New weapon for war on cancer: Blood vessels in 3D

March 20, 2003
Sophisticated microscopes connected to computers can now generate complex 3D images that let scientists see deep inside live tumors. Such intricate images once took days to quantify and were less than perfect because scientists had to manually trace the vessels.

Now the process takes just minutes thanks to a new automated system called the RPI-Trace3D from Rensselaer Polytechnic Institute's Center for Subsurface Sensing and Imaging Systems. It quickly identifies and traces all the capillaries of a living tumor. Among the benefits: Scientists can see how various agents such as new drugs affect capillary growth. Preventing new capillaries from forming in abnormal tissue by shutting off a tumor's blood supply is key to fighting cancer.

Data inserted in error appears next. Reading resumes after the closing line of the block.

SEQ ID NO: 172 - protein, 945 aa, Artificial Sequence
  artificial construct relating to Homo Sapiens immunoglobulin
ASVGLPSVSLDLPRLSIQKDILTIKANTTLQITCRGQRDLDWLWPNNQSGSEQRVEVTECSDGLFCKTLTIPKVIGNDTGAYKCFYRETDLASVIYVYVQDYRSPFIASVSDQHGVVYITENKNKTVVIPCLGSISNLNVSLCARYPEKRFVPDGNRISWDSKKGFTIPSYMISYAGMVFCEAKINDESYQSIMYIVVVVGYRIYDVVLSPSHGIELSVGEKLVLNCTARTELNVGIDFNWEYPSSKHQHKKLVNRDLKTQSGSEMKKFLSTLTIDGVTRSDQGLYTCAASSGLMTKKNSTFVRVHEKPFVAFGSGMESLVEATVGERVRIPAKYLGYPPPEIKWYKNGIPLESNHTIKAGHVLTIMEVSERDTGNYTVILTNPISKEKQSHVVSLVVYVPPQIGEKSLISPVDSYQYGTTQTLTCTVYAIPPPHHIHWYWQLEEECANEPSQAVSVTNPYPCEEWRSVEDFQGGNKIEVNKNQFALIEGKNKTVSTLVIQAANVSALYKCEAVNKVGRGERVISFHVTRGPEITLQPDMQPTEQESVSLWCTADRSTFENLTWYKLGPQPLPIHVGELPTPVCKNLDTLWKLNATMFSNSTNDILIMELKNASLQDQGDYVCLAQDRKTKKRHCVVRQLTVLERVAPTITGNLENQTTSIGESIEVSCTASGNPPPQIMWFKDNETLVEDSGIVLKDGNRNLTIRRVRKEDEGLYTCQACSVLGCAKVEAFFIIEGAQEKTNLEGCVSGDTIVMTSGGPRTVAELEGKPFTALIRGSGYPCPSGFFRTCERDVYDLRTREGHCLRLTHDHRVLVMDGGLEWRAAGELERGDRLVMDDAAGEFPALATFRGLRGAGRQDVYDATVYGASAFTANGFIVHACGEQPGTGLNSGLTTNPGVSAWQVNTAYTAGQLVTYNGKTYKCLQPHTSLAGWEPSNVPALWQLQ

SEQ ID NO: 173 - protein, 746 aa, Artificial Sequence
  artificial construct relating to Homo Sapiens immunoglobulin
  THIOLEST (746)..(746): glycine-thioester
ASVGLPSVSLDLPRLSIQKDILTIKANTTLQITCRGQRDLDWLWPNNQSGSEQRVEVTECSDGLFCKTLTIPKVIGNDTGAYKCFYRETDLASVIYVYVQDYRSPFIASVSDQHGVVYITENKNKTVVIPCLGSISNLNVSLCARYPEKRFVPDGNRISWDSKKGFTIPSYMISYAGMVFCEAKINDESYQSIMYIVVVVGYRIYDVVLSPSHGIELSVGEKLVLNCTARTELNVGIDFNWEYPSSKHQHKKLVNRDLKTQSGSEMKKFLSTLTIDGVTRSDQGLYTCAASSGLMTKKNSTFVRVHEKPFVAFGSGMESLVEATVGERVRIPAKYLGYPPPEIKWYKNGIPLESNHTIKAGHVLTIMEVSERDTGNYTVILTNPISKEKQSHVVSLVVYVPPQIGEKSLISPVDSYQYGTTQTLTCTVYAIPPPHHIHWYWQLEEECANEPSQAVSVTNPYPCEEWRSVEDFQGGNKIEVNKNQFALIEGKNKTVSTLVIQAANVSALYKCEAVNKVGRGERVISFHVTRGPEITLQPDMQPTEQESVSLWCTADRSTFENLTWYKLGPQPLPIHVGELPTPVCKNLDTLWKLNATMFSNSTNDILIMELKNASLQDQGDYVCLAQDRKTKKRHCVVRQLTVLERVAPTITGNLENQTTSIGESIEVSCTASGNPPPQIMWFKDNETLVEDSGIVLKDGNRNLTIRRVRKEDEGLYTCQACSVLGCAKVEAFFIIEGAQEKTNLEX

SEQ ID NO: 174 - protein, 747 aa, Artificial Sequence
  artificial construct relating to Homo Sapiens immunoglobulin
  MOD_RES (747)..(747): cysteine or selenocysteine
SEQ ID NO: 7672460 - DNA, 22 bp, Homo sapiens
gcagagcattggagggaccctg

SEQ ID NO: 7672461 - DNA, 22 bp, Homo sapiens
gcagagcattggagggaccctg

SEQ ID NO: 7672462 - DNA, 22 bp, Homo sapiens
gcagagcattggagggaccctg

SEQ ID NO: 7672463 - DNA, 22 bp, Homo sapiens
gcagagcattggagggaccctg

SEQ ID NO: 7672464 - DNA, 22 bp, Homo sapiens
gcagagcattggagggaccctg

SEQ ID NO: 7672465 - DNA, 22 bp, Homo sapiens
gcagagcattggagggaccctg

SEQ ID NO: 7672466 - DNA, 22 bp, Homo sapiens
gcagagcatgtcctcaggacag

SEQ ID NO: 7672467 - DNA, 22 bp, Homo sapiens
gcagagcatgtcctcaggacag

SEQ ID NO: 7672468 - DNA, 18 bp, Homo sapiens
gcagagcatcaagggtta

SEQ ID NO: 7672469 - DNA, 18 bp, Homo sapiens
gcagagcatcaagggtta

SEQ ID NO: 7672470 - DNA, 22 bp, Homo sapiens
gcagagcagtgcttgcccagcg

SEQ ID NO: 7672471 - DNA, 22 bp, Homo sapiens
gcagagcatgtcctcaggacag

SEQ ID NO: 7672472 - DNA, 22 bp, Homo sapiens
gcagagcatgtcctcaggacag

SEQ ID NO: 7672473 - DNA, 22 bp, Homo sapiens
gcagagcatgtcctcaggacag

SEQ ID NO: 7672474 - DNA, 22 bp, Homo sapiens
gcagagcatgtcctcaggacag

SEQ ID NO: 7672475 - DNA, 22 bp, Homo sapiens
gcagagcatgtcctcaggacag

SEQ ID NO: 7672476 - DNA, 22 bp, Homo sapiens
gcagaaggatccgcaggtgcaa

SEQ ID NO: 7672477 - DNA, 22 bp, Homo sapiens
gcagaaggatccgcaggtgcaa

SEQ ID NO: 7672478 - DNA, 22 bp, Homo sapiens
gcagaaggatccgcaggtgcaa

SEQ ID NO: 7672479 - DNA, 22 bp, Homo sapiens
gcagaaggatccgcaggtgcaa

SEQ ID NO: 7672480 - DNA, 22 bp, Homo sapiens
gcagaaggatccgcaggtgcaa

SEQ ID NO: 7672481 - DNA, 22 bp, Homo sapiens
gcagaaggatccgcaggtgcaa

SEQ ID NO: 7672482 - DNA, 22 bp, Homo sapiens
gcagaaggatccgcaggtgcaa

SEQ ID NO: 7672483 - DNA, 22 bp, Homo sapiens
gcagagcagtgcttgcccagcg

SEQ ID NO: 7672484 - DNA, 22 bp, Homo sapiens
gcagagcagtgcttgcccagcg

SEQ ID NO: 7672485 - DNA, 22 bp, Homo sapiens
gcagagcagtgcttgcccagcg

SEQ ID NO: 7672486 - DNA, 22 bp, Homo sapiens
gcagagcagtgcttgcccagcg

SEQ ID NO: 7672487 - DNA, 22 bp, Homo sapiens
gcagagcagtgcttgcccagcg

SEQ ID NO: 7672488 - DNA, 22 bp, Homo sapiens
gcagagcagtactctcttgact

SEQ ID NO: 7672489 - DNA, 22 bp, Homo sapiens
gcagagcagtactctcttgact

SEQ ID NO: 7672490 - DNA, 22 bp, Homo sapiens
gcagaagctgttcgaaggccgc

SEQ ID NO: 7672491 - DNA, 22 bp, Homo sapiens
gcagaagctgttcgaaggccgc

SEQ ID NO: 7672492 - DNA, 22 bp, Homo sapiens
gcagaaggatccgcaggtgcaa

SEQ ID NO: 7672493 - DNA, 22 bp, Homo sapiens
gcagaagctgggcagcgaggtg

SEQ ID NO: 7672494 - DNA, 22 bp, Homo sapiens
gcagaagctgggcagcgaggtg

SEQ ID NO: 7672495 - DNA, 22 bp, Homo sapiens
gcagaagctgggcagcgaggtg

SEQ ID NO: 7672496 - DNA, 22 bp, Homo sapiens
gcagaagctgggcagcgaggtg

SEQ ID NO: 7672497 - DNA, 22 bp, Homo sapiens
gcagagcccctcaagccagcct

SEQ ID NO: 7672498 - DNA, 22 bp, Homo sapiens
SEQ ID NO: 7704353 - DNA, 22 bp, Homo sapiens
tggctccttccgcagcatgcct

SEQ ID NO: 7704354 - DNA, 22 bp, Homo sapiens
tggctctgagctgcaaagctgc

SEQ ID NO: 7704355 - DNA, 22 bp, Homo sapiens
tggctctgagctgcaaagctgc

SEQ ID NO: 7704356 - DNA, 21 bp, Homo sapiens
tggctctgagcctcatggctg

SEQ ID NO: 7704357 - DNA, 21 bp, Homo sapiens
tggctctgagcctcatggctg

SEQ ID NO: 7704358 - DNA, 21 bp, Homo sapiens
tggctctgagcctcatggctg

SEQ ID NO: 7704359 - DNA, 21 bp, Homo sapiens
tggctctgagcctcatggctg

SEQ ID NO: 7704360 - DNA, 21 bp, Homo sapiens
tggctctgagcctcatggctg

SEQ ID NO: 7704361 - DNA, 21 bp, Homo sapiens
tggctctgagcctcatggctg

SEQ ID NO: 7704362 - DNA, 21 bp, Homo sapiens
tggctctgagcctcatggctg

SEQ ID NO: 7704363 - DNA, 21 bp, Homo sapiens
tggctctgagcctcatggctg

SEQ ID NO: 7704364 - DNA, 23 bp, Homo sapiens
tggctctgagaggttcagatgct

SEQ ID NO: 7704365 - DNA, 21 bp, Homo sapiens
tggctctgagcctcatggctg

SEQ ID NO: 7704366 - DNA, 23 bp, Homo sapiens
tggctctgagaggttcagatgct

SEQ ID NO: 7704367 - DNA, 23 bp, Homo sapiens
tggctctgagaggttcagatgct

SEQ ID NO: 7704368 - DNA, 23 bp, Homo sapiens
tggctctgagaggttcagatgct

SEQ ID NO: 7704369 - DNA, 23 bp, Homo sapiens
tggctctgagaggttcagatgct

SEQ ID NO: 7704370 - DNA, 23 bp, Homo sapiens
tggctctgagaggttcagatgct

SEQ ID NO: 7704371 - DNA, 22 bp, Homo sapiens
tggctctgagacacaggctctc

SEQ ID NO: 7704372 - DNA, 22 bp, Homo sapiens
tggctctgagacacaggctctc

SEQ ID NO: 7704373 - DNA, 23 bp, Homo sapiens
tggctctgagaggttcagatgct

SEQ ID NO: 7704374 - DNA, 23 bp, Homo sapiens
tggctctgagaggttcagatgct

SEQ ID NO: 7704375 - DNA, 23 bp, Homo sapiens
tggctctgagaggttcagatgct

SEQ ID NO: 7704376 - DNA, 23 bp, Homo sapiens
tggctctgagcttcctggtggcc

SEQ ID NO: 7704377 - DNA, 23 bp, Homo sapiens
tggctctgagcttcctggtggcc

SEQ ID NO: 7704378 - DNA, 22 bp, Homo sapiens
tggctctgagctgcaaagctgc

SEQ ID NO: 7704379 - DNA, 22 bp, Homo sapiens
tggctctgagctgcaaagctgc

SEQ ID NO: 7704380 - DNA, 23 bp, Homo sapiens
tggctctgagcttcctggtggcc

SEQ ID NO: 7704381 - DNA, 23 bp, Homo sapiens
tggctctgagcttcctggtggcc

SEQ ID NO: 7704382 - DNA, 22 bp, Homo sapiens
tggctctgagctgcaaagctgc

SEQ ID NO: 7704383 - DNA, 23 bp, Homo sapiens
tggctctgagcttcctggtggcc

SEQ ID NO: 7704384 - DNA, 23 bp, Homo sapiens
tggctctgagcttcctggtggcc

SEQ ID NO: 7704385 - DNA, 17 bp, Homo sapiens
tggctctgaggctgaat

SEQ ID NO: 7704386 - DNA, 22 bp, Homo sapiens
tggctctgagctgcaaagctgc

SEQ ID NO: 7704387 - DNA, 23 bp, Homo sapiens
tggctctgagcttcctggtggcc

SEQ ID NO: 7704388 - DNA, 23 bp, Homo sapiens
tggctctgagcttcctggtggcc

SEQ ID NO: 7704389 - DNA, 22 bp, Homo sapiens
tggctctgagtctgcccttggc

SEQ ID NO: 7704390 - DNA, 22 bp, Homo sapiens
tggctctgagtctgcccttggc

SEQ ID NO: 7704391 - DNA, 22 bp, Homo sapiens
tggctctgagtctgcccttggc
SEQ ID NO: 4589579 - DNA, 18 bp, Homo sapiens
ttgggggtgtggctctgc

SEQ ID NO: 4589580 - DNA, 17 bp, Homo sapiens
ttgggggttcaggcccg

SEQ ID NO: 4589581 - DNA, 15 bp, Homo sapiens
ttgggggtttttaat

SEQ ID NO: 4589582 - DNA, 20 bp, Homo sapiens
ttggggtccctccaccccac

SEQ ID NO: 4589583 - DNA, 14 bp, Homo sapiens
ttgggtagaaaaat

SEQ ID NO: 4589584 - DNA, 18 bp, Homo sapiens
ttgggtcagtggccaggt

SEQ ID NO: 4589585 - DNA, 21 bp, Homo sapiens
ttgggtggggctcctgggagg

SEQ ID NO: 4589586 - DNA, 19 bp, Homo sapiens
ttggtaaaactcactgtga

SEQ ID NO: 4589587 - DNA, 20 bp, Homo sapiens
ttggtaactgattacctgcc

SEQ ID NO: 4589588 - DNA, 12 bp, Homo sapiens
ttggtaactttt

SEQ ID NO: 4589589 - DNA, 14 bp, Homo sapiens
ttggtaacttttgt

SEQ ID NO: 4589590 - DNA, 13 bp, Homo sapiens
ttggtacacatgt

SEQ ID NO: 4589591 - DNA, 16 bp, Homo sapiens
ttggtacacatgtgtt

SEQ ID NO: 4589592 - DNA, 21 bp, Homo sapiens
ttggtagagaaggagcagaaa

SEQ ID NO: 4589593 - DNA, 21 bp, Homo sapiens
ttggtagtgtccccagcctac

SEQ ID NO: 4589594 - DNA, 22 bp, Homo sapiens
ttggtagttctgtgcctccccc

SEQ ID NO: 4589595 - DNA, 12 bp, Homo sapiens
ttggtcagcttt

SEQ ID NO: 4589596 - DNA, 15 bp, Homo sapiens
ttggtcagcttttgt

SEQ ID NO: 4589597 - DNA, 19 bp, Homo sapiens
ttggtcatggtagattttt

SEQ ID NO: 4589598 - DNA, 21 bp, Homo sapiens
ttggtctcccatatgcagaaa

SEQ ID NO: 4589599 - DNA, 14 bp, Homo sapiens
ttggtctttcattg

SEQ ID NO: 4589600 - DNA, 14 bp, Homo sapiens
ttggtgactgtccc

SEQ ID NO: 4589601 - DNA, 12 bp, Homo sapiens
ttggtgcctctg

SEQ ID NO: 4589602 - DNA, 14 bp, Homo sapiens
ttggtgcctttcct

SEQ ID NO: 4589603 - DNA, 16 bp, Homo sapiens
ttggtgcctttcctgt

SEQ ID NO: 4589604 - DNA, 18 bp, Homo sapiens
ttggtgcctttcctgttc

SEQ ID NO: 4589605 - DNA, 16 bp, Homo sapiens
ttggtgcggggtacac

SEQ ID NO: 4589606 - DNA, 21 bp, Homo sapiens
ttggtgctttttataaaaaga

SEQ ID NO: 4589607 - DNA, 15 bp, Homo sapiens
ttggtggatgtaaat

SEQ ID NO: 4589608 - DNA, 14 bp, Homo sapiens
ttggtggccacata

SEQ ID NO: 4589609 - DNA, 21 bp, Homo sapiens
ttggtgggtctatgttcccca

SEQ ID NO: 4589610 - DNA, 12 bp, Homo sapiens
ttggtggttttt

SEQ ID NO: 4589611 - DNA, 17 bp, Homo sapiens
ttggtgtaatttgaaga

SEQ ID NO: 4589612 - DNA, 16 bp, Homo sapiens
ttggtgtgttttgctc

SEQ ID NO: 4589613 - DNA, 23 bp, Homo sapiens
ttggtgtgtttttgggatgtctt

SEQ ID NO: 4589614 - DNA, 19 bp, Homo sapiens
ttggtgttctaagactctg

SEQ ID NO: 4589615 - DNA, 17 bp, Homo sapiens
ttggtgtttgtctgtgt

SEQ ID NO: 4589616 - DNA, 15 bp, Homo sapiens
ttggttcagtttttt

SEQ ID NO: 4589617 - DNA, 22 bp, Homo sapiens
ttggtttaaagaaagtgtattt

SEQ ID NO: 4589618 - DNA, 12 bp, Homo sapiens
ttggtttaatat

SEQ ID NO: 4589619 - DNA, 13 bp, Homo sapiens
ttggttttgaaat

The patent-pending system is already in use at Harvard Medical School and at Northeastern University. Says Harvard Medical School's Edward Brown, "The Rensselaer research team has generated truly impressive algorithms that trace out all the vessels in a 3D network, as well as identify a number of properties. This lets us quantify these vessels accurately for the first time."

Rensselaer researchers say they are the only cancer research team in the world to use a rapid, fully automated tracing algorithm to quickly obtain measurements from 3D blood vessels.

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